Retinal necrosis is an eye infection caused by common viruses. This infection can threaten vision and needs to be treated promptly, because serious complications can occur.
Acute retinal necrosis syndrome is an infection of the eye, which is usually caused by the chicken pox virus, cytomegalovirus or herpes simplex. In some cases, both eyes can be affected by this infection. Symptoms of this infection can vary but commonly include pain around the eyes. Treatment for this infection is needed, because certain complications can arise when left untreated.
Retinal necrosis can be caused by certain viruses, but other underlying eye conditions are also associated with causing the infection, as well as certain conditions of the head. Some pathogens are also known to cause the eye infection. Many patients with the infection have herpes simplex virus 1 or herpes simplex virus 2 that has remained dormant. It remains unclear exactly how the viruses cause retinal necrosis syndrome.
Although this condition can occur in anyone, patients who are 20 to 50 years of age have the highest risk for developing the infection. When herpes simplex 2 is the cause of the infection, though, the average age of those infected drops to about 20. When other viruses are the cause of the infection, the average range falls to between 47 and 57 years of age. This condition appears to occur more often in males than females, but it remains unclear why this is the case. Race appears to play no role in the risk for the infection.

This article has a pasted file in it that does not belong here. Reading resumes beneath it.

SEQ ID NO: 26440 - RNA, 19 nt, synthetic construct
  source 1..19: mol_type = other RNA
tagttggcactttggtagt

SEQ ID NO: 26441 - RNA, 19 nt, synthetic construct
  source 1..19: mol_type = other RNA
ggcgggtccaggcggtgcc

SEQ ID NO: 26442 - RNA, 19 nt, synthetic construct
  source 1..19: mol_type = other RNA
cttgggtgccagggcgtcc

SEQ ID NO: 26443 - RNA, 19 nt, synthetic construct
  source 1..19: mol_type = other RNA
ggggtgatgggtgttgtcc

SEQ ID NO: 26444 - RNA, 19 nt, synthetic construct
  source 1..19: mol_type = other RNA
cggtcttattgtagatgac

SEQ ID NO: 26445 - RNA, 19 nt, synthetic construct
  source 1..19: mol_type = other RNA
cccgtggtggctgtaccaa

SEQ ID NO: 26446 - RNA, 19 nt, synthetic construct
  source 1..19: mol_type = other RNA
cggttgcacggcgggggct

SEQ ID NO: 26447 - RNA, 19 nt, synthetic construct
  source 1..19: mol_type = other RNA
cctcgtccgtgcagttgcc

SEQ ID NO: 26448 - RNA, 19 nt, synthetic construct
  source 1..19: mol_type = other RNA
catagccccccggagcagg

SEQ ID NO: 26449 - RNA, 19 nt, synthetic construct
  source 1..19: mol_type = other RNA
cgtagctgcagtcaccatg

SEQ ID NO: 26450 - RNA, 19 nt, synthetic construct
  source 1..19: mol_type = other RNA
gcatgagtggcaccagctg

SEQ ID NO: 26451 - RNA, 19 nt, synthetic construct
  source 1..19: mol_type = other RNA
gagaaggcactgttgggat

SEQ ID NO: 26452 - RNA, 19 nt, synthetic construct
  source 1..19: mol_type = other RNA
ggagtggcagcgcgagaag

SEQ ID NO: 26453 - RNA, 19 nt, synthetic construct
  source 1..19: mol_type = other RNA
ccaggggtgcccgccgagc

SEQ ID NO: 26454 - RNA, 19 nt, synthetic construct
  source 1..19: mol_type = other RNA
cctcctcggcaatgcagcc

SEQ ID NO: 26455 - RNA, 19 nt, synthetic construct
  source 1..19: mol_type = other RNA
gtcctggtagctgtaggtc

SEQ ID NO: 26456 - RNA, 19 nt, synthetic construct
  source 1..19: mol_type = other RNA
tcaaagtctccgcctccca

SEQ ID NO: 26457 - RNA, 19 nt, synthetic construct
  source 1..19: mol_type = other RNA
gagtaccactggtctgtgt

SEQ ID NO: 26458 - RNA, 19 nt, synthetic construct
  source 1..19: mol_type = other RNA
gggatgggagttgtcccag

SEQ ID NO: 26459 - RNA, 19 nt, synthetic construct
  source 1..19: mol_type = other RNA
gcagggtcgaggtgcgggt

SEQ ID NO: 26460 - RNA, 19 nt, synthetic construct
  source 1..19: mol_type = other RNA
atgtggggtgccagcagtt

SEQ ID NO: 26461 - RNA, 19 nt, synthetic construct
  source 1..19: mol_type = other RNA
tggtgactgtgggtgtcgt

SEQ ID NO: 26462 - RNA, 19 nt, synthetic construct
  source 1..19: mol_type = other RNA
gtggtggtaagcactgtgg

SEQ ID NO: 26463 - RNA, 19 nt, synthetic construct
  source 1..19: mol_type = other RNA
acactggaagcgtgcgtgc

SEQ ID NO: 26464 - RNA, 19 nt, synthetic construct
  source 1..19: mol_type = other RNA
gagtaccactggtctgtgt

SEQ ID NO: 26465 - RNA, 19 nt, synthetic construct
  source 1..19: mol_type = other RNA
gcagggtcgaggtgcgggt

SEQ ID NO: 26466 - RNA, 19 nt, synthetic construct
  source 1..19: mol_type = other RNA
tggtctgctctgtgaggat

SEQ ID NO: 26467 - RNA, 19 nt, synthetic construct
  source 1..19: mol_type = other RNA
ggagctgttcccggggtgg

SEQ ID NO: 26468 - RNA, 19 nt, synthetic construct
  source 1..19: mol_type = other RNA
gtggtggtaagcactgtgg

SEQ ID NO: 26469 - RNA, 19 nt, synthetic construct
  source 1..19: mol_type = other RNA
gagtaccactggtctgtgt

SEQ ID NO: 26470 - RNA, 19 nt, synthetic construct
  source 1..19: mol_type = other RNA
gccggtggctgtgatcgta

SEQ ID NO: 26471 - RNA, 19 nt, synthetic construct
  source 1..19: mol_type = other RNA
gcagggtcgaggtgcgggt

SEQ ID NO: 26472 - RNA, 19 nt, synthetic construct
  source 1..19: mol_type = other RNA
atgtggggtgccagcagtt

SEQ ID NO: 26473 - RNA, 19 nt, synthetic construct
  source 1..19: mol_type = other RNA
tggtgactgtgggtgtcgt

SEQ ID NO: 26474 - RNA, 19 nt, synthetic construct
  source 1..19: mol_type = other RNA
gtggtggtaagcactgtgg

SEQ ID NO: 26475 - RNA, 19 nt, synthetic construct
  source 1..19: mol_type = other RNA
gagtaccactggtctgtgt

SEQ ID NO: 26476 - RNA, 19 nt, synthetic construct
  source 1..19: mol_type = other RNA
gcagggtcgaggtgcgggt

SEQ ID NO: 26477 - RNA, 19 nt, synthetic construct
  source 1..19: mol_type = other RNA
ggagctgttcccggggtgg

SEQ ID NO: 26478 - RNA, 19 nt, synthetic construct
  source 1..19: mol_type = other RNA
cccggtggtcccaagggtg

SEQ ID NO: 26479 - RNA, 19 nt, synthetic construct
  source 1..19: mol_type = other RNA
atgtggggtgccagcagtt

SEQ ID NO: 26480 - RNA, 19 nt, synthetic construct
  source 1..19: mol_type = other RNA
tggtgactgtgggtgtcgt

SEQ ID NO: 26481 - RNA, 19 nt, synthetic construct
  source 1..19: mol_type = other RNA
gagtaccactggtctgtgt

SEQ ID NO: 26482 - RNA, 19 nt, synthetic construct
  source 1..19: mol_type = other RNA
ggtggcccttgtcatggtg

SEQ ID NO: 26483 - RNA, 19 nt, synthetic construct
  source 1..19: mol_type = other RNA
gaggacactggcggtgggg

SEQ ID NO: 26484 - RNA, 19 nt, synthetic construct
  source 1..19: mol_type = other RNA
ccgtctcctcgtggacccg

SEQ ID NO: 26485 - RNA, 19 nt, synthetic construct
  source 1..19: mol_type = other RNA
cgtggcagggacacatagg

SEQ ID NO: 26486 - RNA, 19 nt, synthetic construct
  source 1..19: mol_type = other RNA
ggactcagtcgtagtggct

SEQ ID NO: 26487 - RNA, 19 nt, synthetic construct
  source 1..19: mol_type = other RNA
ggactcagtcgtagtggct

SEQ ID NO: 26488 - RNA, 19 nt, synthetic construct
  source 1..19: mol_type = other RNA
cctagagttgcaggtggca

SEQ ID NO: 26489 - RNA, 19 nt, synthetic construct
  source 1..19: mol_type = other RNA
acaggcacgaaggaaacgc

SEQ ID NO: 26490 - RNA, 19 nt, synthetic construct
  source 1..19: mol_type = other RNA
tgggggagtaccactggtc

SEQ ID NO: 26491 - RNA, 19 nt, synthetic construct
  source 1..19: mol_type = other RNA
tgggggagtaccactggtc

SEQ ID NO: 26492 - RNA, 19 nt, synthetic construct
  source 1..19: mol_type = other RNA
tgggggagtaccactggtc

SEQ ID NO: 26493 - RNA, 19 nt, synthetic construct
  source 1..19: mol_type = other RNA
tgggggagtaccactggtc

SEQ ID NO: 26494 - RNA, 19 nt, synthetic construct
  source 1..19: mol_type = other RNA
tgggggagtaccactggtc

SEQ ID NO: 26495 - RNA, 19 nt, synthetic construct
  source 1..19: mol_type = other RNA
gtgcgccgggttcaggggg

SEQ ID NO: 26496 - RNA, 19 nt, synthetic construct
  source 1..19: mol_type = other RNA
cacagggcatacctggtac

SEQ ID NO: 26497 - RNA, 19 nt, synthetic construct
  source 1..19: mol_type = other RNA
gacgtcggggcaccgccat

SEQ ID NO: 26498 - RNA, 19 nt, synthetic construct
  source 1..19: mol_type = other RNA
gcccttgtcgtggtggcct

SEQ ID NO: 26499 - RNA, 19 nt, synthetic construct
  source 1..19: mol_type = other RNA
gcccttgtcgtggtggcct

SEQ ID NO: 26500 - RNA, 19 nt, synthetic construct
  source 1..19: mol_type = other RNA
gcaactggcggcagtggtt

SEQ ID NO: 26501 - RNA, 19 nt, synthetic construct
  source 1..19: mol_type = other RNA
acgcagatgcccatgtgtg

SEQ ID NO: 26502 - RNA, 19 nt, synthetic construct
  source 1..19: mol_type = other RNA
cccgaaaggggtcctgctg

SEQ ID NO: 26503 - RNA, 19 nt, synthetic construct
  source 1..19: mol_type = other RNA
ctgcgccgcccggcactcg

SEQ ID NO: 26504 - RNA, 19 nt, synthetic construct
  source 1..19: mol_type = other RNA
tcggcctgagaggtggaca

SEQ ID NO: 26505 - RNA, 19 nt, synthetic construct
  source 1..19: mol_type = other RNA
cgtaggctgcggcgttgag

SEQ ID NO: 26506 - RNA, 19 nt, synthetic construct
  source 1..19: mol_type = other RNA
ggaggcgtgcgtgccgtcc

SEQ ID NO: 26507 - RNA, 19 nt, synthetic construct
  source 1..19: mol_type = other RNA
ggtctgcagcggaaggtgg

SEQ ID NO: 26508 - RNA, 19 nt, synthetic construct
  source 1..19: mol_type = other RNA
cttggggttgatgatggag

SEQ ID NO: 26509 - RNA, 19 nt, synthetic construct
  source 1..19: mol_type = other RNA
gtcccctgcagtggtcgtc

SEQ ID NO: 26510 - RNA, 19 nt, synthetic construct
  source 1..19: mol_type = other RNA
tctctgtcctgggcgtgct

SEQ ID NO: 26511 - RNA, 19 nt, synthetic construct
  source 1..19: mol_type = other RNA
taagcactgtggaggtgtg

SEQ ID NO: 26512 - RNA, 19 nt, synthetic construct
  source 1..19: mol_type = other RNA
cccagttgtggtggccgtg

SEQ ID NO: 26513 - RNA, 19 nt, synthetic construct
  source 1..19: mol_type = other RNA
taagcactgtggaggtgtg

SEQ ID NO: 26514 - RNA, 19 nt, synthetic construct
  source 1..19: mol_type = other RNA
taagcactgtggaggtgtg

Symptoms of this eye infection can range from pain around the eyes to blindness. Uveitis and vitritis can occur as well. In fact, it is estimated that almost 6 percent of cases with the infection will develop uveitis over a ten year period. Common symptoms include an inflammation surrounding the retinal blood vessels, reduced vision and loss of vision. Blurred vision can also develop, as well as sensitivity to light. Red and hazy eyes are other common symptoms. These symptoms can occur in one or both eyes and can vary in severity.
Diagnosis and Treatment
In order to properly diagnose the infection, certain tests are conducted. In some cases, home eye tests may also be used. Proper diagnosis is critical, because the infection can sometimes be misdiagnosed. Common misdiagnoses for the condition include age-related macular degeneration, glaucoma and cataracts.
After the diagnosis is complete, treatment can begin. Treatment involves the use of topical steroids and dilating eye drops. In some cases, intravenous steroids may be used. IV acyclovir and hospitalization may be needed, in severe cases. Treatment for the infection is essential because, in some cases, if left untreated, retinal detachment and blindness can occur. In 75 percent of cases, retinal detachment occurs, which requires immediate treatment. Unfortunately, this infection is the leading cause of legal blindness in the United States.